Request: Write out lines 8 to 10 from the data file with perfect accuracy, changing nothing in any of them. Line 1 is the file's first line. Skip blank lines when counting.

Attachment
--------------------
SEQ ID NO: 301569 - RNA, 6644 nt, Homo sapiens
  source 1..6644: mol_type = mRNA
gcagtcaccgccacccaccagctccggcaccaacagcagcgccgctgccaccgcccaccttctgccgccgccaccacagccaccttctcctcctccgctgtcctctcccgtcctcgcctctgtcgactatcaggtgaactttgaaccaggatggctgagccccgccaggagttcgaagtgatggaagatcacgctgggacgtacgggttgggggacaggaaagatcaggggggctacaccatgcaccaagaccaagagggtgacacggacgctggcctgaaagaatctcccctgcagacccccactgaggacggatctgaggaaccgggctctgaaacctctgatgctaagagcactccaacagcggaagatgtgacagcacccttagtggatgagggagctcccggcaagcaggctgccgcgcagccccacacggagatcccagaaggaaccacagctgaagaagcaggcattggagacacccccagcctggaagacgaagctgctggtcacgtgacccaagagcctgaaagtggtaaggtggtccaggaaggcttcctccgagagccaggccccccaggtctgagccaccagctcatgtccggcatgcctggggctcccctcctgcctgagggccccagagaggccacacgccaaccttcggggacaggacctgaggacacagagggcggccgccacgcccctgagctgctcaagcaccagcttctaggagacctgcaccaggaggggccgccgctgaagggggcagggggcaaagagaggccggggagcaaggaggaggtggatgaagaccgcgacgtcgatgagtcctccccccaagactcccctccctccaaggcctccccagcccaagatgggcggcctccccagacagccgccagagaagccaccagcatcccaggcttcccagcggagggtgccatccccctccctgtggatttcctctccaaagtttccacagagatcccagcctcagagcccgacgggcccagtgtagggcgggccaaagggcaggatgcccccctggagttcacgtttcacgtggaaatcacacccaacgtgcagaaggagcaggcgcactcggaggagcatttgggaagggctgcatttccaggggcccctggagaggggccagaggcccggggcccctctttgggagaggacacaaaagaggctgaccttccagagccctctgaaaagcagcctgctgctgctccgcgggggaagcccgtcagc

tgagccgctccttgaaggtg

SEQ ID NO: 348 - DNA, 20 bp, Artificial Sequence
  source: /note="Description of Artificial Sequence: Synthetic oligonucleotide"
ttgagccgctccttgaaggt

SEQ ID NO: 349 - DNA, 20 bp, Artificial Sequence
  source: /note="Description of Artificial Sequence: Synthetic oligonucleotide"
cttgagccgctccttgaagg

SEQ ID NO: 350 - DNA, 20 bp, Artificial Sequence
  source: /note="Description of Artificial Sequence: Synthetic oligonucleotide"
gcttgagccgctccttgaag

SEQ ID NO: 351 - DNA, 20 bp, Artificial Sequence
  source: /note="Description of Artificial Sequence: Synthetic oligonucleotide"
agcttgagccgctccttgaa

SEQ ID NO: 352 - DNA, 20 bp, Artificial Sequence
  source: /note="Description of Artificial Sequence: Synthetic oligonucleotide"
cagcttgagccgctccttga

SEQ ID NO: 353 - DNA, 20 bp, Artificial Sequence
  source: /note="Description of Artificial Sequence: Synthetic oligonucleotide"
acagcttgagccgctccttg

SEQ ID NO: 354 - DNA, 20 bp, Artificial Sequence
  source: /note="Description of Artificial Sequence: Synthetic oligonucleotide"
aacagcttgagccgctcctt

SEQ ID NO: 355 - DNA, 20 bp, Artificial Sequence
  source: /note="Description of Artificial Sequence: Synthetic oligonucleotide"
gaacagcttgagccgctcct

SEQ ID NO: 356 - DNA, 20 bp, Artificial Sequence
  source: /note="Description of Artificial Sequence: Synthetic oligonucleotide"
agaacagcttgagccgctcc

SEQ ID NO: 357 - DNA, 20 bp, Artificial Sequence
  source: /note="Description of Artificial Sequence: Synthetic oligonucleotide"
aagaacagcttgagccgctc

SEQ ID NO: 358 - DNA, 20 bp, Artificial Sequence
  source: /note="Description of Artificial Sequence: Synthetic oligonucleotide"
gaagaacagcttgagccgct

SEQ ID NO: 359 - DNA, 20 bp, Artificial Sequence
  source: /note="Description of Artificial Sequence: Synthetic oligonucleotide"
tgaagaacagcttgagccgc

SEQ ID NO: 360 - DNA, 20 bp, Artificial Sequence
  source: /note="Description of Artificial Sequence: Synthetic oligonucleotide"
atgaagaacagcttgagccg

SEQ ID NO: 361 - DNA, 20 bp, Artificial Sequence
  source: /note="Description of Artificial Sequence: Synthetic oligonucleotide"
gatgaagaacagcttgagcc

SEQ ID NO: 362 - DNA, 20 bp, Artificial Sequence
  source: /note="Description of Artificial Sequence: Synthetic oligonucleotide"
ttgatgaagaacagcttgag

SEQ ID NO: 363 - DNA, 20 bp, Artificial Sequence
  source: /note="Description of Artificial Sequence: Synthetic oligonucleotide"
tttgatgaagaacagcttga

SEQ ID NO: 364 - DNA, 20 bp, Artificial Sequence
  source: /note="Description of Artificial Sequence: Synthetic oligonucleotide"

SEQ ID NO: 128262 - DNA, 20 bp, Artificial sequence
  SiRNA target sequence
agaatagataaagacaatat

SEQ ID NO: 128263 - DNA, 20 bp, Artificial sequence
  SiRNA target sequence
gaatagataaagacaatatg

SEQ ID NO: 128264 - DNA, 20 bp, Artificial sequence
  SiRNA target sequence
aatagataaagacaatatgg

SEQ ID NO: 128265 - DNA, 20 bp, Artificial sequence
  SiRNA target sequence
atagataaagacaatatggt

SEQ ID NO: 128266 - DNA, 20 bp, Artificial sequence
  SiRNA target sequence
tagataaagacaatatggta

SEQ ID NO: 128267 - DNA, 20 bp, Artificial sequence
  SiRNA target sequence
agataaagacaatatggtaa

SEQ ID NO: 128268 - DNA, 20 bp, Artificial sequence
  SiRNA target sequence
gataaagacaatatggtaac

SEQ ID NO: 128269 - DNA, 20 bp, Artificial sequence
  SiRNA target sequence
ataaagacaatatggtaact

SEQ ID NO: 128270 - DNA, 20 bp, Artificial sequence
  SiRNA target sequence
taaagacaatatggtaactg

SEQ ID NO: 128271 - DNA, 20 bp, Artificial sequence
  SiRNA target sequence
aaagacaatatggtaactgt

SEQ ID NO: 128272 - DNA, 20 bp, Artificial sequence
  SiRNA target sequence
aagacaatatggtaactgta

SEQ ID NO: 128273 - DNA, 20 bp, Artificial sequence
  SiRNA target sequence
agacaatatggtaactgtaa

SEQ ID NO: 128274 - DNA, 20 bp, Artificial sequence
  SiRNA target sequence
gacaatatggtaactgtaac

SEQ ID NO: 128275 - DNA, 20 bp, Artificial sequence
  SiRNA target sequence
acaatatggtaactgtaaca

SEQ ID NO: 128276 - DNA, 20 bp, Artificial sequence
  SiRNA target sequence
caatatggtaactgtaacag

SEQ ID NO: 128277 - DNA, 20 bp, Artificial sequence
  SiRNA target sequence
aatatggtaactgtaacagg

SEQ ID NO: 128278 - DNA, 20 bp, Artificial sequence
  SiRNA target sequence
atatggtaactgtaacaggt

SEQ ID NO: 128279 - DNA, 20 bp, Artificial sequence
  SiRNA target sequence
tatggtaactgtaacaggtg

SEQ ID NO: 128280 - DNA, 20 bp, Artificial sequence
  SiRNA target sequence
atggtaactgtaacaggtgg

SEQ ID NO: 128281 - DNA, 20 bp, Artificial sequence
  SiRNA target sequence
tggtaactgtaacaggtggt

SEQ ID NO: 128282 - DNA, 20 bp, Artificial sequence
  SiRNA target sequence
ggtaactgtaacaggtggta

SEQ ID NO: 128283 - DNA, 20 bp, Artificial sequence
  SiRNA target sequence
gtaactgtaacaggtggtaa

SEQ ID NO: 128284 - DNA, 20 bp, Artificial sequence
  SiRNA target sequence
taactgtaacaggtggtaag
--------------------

SEQ ID NO: 349 - DNA, 20 bp, Artificial Sequence
  source: /note="Description of Artificial Sequence: Synthetic oligonucleotide"
cttgagccgctccttgaagg